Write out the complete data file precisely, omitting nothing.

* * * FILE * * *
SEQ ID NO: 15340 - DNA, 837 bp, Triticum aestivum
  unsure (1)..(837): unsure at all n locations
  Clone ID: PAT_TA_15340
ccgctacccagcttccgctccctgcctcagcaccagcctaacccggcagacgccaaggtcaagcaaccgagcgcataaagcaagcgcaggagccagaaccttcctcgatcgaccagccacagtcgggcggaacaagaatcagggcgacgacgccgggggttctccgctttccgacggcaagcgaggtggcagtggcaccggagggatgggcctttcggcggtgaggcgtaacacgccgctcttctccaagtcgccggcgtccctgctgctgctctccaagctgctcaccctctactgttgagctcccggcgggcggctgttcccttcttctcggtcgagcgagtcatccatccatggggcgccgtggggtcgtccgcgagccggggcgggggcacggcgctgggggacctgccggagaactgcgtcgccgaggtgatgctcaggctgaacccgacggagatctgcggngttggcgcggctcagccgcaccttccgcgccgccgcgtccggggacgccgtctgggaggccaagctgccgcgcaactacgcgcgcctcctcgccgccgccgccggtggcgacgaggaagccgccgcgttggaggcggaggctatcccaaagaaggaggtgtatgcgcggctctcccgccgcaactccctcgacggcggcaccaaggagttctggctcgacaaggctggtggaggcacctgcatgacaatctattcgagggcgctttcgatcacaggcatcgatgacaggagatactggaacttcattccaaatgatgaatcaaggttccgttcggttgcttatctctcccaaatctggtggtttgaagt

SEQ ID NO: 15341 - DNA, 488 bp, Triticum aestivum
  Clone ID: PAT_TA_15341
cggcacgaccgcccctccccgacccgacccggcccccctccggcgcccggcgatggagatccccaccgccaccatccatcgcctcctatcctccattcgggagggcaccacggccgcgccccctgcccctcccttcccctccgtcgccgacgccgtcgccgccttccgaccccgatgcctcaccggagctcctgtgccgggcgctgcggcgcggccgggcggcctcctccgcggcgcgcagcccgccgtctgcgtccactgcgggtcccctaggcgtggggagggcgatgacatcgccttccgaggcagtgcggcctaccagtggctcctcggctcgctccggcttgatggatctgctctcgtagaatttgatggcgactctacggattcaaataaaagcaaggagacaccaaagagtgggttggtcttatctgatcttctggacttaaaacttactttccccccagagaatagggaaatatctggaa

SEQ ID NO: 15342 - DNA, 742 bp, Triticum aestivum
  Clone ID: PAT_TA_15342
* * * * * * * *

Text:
SEQ ID NO: 15340 - DNA, 837 bp, Triticum aestivum
  unsure (1)..(837): unsure at all n locations
  Clone ID: PAT_TA_15340
ccgctacccagcttccgctccctgcctcagcaccagcctaacccggcagacgccaaggtcaagcaaccgagcgcataaagcaagcgcaggagccagaaccttcctcgatcgaccagccacagtcgggcggaacaagaatcagggcgacgacgccgggggttctccgctttccgacggcaagcgaggtggcagtggcaccggagggatgggcctttcggcggtgaggcgtaacacgccgctcttctccaagtcgccggcgtccctgctgctgctctccaagctgctcaccctctactgttgagctcccggcgggcggctgttcccttcttctcggtcgagcgagtcatccatccatggggcgccgtggggtcgtccgcgagccggggcgggggcacggcgctgggggacctgccggagaactgcgtcgccgaggtgatgctcaggctgaacccgacggagatctgcggngttggcgcggctcagccgcaccttccgcgccgccgcgtccggggacgccgtctgggaggccaagctgccgcgcaactacgcgcgcctcctcgccgccgccgccggtggcgacgaggaagccgccgcgttggaggcggaggctatcccaaagaaggaggtgtatgcgcggctctcccgccgcaactccctcgacggcggcaccaaggagttctggctcgacaaggctggtggaggcacctgcatgacaatctattcgagggcgctttcgatcacaggcatcgatgacaggagatactggaacttcattccaaatgatgaatcaaggttccgttcggttgcttatctctcccaaatctggtggtttgaagt

SEQ ID NO: 15341 - DNA, 488 bp, Triticum aestivum
  Clone ID: PAT_TA_15341
cggcacgaccgcccctccccgacccgacccggcccccctccggcgcccggcgatggagatccccaccgccaccatccatcgcctcctatcctccattcgggagggcaccacggccgcgccccctgcccctcccttcccctccgtcgccgacgccgtcgccgccttccgaccccgatgcctcaccggagctcctgtgccgggcgctgcggcgcggccgggcggcctcctccgcggcgcgcagcccgccgtctgcgtccactgcgggtcccctaggcgtggggagggcgatgacatcgccttccgaggcagtgcggcctaccagtggctcctcggctcgctccggcttgatggatctgctctcgtagaatttgatggcgactctacggattcaaataaaagcaaggagacaccaaagagtgggttggtcttatctgatcttctggacttaaaacttactttccccccagagaatagggaaatatctggaa

SEQ ID NO: 15342 - DNA, 742 bp, Triticum aestivum
  Clone ID: PAT_TA_15342